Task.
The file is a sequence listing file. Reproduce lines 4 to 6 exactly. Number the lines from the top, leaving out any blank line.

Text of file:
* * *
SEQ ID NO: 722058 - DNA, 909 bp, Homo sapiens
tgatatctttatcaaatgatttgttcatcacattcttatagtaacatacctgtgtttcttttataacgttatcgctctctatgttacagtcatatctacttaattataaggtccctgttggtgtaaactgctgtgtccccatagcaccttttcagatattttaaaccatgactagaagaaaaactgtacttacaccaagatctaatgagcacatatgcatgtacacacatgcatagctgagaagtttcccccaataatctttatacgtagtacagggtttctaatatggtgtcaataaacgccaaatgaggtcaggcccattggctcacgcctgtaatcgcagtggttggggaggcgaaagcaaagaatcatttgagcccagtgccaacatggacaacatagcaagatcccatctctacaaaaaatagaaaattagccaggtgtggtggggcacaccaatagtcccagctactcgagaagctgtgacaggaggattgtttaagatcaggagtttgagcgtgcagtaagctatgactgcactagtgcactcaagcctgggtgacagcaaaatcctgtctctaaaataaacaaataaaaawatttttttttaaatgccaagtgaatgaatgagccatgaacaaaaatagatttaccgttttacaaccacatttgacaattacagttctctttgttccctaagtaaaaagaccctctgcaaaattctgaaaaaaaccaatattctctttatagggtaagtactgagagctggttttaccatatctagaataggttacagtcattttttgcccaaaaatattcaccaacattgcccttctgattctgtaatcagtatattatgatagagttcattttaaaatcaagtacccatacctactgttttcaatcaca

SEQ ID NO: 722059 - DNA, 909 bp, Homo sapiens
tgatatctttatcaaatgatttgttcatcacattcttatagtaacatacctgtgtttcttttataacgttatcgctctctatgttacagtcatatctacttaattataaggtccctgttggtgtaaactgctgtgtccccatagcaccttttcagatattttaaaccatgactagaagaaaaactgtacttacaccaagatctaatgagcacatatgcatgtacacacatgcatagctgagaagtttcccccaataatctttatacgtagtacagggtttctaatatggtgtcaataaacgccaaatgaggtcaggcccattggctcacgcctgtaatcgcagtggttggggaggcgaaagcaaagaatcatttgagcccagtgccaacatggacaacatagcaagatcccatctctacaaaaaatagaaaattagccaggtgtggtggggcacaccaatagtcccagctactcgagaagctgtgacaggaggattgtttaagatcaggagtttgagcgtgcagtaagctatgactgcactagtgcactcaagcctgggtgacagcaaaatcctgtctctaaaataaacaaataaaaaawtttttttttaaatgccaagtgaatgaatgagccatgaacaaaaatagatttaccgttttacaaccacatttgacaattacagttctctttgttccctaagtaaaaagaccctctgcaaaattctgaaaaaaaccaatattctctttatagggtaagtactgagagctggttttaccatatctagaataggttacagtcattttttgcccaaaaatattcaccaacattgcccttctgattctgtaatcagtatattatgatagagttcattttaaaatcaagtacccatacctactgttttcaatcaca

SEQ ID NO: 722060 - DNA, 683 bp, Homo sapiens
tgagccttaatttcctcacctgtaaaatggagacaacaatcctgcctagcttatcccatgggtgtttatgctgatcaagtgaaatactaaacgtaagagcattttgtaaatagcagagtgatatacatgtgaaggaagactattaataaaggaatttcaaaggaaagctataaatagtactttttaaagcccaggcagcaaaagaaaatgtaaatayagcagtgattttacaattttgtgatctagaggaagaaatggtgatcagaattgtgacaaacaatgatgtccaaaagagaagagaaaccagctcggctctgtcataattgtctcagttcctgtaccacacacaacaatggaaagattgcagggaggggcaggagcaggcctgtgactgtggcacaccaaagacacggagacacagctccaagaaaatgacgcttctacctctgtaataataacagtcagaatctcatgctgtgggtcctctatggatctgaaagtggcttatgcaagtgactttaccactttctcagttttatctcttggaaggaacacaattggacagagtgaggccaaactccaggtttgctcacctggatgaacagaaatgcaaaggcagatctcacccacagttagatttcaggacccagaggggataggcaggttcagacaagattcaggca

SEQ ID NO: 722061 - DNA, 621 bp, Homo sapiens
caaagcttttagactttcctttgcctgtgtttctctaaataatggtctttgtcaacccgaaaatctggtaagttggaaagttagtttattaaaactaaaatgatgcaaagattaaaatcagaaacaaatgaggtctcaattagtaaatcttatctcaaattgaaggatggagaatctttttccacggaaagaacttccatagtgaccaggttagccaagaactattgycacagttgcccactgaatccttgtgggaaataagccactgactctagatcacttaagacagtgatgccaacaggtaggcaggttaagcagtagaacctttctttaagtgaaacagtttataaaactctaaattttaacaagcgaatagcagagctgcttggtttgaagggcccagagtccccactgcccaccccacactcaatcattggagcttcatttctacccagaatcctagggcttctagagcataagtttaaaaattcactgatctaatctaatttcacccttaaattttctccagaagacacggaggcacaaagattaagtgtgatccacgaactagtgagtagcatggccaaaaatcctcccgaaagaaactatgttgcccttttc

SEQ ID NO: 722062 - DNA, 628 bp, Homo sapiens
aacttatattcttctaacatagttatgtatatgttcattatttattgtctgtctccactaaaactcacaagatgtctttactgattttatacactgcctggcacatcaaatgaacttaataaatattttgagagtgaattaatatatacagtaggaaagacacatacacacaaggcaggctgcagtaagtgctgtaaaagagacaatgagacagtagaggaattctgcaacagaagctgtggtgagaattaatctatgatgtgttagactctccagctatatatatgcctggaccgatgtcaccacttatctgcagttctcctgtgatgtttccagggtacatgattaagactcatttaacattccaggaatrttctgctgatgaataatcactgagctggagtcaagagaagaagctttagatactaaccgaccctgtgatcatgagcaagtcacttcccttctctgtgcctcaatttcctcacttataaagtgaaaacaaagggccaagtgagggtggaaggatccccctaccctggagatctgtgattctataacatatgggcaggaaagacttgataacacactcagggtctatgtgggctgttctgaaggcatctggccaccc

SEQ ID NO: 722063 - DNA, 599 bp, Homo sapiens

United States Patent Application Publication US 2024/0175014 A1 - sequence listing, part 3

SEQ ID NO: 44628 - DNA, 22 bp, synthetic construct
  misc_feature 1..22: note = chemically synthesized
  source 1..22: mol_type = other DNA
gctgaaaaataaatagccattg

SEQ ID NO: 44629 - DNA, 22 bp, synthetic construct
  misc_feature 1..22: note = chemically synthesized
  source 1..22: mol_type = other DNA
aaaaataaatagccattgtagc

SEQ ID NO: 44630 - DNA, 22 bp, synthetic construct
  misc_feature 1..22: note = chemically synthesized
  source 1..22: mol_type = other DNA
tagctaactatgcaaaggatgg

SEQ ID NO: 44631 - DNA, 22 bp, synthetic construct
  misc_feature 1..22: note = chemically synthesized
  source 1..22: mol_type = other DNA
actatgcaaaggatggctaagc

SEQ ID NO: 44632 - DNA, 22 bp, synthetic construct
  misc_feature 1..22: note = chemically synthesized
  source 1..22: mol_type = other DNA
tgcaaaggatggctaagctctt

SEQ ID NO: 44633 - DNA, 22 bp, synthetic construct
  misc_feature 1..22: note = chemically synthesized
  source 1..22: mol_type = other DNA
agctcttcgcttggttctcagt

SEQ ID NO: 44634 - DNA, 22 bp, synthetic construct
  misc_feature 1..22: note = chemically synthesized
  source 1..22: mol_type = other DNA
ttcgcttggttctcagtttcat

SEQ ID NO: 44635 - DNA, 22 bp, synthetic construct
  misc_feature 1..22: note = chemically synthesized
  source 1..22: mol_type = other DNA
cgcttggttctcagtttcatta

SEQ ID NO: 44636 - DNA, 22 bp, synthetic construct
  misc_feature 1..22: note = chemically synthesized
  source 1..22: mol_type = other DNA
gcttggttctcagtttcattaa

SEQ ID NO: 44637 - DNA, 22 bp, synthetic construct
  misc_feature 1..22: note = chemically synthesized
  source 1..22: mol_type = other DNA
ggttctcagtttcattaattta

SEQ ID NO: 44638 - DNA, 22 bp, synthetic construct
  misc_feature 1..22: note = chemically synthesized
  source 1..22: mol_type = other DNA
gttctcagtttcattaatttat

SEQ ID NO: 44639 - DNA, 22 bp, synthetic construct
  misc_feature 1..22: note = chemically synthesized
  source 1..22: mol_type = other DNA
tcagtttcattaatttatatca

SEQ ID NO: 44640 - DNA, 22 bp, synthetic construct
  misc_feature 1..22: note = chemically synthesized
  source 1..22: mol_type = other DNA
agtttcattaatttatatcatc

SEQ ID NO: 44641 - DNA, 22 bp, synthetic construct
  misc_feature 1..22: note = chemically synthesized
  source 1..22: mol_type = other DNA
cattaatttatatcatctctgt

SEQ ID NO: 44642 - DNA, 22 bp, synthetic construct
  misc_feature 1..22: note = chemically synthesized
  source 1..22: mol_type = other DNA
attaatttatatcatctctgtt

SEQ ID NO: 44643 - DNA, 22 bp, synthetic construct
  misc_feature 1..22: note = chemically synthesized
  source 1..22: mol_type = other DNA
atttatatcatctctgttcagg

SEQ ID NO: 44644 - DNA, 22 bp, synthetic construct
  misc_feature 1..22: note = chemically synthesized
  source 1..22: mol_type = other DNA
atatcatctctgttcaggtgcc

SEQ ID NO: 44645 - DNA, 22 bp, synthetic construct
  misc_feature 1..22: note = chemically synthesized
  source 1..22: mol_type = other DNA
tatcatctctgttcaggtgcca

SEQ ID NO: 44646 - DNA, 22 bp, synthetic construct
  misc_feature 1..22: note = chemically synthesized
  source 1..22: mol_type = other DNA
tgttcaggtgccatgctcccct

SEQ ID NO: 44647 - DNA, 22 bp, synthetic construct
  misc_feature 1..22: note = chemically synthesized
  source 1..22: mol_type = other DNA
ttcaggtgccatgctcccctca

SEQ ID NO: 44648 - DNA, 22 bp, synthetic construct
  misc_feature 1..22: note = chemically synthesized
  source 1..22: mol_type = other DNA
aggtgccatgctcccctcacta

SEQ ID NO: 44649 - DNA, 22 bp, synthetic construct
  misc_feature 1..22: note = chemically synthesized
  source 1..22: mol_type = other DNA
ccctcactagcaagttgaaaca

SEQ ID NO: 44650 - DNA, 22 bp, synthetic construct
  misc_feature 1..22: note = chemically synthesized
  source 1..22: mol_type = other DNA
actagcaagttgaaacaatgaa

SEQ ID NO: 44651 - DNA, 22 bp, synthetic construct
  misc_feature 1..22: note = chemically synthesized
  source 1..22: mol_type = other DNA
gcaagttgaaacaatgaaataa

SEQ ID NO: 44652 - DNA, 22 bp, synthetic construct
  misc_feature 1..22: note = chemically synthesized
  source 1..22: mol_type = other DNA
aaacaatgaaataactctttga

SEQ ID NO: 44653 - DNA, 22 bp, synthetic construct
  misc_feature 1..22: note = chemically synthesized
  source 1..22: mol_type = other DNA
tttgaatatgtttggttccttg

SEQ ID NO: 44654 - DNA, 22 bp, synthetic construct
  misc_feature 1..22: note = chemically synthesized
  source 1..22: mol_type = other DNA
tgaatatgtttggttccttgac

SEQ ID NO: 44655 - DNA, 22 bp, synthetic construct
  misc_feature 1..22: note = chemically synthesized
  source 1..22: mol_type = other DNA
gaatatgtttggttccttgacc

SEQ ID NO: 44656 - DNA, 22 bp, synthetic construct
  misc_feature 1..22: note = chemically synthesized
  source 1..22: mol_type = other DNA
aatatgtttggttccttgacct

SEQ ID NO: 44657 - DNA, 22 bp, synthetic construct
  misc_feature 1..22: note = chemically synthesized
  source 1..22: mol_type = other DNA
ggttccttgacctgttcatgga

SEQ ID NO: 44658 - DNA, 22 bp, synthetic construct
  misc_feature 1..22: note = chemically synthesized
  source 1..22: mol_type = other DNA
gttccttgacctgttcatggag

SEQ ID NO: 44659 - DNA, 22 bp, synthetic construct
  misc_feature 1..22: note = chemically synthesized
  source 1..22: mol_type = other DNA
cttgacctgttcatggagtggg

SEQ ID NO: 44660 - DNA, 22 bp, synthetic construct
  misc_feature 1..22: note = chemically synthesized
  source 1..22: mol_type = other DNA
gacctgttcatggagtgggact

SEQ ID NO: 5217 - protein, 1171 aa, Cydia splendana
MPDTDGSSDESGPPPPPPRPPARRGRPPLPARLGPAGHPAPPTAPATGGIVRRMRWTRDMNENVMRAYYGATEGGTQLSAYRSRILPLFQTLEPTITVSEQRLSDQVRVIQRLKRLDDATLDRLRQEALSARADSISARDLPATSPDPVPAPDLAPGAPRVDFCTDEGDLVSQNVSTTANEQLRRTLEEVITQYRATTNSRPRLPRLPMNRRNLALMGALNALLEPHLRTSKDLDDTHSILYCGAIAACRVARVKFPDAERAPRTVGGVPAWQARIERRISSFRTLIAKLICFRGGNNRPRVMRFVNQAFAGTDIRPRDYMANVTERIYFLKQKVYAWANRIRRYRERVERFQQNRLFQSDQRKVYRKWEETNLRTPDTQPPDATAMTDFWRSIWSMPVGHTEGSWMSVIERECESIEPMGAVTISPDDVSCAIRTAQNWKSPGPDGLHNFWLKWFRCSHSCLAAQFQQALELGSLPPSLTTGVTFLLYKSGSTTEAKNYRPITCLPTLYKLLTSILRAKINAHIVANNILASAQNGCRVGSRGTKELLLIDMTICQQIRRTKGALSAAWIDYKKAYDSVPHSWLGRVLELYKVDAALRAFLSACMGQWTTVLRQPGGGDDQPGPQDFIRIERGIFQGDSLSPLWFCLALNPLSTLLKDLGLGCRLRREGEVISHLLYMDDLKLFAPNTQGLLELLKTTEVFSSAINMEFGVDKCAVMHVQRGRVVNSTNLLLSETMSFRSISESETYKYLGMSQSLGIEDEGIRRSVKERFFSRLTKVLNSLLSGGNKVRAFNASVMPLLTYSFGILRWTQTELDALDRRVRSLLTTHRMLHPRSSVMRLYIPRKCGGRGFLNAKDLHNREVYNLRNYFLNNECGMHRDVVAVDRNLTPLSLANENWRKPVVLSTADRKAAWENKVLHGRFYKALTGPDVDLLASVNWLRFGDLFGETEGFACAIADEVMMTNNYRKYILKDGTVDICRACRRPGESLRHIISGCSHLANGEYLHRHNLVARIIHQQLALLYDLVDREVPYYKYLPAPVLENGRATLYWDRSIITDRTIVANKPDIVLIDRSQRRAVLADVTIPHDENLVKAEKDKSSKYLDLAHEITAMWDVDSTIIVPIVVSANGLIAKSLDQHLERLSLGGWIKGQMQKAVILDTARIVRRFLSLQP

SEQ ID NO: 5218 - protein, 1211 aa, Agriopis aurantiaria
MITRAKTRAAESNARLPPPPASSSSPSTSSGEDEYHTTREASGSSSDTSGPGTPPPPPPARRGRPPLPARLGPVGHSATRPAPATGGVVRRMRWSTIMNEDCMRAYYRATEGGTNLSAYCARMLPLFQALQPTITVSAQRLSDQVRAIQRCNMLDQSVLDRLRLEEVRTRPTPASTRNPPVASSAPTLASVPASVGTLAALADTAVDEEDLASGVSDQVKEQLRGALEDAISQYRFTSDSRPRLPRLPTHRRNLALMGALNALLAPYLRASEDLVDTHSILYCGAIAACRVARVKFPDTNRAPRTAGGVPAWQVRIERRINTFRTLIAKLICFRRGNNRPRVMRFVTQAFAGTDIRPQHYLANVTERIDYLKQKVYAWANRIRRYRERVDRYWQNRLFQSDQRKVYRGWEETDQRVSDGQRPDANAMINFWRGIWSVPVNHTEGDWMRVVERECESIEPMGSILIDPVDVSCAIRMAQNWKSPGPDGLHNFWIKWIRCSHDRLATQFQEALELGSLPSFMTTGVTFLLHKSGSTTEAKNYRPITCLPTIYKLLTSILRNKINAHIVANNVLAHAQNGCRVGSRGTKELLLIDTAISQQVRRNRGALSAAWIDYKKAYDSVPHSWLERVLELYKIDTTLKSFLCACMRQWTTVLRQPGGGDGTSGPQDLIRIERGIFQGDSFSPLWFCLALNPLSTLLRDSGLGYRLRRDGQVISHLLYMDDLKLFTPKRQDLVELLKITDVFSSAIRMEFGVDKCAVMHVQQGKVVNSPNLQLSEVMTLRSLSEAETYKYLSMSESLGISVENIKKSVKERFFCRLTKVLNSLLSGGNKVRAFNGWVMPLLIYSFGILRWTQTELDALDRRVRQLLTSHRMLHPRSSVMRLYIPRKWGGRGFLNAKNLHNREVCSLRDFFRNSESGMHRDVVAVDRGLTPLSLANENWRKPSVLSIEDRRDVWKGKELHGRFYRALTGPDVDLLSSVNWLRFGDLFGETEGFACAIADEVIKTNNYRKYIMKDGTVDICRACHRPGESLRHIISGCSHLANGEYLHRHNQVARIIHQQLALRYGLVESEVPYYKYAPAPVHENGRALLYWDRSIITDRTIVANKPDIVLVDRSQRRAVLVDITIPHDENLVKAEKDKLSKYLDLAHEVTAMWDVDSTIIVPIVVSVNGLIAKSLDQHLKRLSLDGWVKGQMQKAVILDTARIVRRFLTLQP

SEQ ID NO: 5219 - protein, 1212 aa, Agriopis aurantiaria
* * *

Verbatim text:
tgatatctttatcaaatgatttgttcatcacattcttatagtaacatacctgtgtttcttttataacgttatcgctctctatgttacagtcatatctacttaattataaggtccctgttggtgtaaactgctgtgtccccatagcaccttttcagatattttaaaccatgactagaagaaaaactgtacttacaccaagatctaatgagcacatatgcatgtacacacatgcatagctgagaagtttcccccaataatctttatacgtagtacagggtttctaatatggtgtcaataaacgccaaatgaggtcaggcccattggctcacgcctgtaatcgcagtggttggggaggcgaaagcaaagaatcatttgagcccagtgccaacatggacaacatagcaagatcccatctctacaaaaaatagaaaattagccaggtgtggtggggcacaccaatagtcccagctactcgagaagctgtgacaggaggattgtttaagatcaggagtttgagcgtgcagtaagctatgactgcactagtgcactcaagcctgggtgacagcaaaatcctgtctctaaaataaacaaataaaaaawtttttttttaaatgccaagtgaatgaatgagccatgaacaaaaatagatttaccgttttacaaccacatttgacaattacagttctctttgttccctaagtaaaaagaccctctgcaaaattctgaaaaaaaccaatattctctttatagggtaagtactgagagctggttttaccatatctagaataggttacagtcattttttgcccaaaaatattcaccaacattgcccttctgattctgtaatcagtatattatgatagagttcattttaaaatcaagtacccatacctactgttttcaatcaca

SEQ ID NO: 722060 - DNA, 683 bp, Homo sapiens
tgagccttaatttcctcacctgtaaaatggagacaacaatcctgcctagcttatcccatgggtgtttatgctgatcaagtgaaatactaaacgtaagagcattttgtaaatagcagagtgatatacatgtgaaggaagactattaataaaggaatttcaaaggaaagctataaatagtactttttaaagcccaggcagcaaaagaaaatgtaaatayagcagtgattttacaattttgtgatctagaggaagaaatggtgatcagaattgtgacaaacaatgatgtccaaaagagaagagaaaccagctcggctctgtcataattgtctcagttcctgtaccacacacaacaatggaaagattgcagggaggggcaggagcaggcctgtgactgtggcacaccaaagacacggagacacagctccaagaaaatgacgcttctacctctgtaataataacagtcagaatctcatgctgtgggtcctctatggatctgaaagtggcttatgcaagtgactttaccactttctcagttttatctcttggaaggaacacaattggacagagtgaggccaaactccaggtttgctcacctggatgaacagaaatgcaaaggcagatctcacccacagttagatttcaggacccagaggggataggcaggttcagacaagattcaggca